Pilot studies are a smaller ‘test’ version of the main clinical trial. They are done before the main study to check whether the ideas behind the trial and the suggested methods (the ‘trial design’) work in practice.

Researchers who run trials involving patients have to offer a treatment they believe is at least as good as, or possibly better than, the best treatment that is currently available. The trials have to be carried out following strict rules and guidelines.

Phase 1 trials

Phase 1 trials test a possible new cancer treatment or drug that has only been tested on cancer cells in the laboratory. This is the first stage in which the drug or potential treatment is used in patients.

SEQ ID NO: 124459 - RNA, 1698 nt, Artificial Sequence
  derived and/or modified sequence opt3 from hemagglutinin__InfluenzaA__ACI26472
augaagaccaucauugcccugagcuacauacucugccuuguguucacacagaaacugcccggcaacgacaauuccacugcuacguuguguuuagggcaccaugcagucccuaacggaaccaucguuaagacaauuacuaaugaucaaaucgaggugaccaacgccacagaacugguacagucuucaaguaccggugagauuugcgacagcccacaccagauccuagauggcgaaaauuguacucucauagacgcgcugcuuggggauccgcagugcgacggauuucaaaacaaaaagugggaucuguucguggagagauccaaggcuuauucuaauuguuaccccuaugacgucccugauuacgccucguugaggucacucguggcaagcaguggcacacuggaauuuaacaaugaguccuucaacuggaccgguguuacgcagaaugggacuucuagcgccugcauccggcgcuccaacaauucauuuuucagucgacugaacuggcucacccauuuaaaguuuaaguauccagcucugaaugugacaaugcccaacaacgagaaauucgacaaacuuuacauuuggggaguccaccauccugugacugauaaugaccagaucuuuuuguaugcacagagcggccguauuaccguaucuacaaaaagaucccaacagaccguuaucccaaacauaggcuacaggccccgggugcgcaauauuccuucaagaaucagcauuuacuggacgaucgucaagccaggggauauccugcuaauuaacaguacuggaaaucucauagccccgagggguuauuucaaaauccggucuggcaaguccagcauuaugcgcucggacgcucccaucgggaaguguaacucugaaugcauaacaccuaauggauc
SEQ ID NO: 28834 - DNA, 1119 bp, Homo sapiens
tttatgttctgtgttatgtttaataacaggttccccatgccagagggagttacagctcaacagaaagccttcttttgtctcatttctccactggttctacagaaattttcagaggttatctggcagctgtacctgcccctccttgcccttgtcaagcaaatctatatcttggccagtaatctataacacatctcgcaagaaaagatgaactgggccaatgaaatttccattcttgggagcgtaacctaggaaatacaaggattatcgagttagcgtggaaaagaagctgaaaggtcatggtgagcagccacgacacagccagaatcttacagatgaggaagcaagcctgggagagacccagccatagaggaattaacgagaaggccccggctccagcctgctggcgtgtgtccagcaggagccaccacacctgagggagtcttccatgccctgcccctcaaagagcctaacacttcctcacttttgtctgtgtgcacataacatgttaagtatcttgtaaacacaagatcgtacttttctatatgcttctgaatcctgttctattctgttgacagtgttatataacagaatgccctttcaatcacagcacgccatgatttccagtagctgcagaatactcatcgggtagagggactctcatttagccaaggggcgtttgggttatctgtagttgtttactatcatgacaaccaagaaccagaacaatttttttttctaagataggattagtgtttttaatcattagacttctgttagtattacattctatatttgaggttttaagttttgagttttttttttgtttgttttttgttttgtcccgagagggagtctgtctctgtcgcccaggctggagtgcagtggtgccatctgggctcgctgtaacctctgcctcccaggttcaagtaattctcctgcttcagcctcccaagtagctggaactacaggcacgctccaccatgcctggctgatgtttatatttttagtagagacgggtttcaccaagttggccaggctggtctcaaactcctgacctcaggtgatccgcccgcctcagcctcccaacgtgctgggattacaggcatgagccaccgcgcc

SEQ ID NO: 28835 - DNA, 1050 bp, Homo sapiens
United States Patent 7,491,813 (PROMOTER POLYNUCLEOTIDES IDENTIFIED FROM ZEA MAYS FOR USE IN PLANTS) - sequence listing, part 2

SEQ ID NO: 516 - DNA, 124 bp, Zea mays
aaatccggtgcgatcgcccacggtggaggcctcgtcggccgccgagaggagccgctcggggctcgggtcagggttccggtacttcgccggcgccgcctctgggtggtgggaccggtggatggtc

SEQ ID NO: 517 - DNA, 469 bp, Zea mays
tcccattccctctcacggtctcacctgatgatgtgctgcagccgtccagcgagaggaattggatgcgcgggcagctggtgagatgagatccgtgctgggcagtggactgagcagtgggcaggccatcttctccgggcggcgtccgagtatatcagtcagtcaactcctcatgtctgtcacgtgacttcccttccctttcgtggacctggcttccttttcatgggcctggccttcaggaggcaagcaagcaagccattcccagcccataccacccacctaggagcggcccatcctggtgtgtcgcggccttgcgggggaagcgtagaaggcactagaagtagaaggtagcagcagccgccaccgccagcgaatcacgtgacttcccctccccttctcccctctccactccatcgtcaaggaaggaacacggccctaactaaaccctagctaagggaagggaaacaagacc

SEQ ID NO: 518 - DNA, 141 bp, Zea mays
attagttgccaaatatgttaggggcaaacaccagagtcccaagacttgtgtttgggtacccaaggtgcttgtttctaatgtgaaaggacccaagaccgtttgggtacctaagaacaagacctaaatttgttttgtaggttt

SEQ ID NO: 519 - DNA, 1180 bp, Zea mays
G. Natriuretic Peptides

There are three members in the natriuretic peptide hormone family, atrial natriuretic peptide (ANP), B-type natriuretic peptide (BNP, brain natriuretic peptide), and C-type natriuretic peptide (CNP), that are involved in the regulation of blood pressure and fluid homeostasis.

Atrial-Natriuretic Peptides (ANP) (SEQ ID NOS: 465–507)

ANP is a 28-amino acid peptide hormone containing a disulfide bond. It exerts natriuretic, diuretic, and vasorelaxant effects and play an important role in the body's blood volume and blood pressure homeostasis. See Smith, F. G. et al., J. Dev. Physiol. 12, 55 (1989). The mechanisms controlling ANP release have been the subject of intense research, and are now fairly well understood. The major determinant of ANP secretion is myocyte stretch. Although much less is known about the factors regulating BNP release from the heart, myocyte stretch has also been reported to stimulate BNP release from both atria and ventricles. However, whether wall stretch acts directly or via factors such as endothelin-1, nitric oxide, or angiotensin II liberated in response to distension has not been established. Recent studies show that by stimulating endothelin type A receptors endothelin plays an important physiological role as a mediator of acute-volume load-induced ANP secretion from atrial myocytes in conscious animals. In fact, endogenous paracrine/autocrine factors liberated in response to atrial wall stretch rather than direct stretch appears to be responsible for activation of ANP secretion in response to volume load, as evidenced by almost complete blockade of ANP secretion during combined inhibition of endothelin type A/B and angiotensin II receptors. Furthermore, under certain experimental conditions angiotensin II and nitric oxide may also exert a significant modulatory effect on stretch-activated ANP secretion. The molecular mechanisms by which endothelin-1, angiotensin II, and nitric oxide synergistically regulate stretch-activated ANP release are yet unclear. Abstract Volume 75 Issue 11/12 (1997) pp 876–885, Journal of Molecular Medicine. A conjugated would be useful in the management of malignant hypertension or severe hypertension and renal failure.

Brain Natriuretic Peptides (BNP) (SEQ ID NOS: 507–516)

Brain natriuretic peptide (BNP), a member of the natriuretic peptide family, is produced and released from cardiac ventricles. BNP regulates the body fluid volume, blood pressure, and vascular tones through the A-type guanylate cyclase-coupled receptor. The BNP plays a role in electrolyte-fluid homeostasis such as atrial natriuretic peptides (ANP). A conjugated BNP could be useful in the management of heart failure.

Phase 1 trials may involve chemotherapy or targeted therapies.

A phase 1 trial aims to find out:

  • whether the medicine has an effect on the body
  • how much of the medicine can be given safely without causing serious side effects
  • what side effects the medicine causes.

How does the trial work?

The first patients are given a small dose of the drug that is expected to be safe. If none of the patients have any side effects, the next group will be given a higher dose. The dose is gradually increased with each group. This is called dose-escalation.

The researchers look carefully at the effects of the drug until they find the dose at which side effects are acceptable. This is known as the maximum tolerated dose.

For targeted therapies, it may be necessary to test a biopsy specimen first. This is to see whether the patient is likely to benefit from the new treatment. A biopsy is a sample of cells that may have been removed when you were diagnosed. The cells can be looked at and tested under a microscope to find out whether the patient is likely to benefit from the new treatment.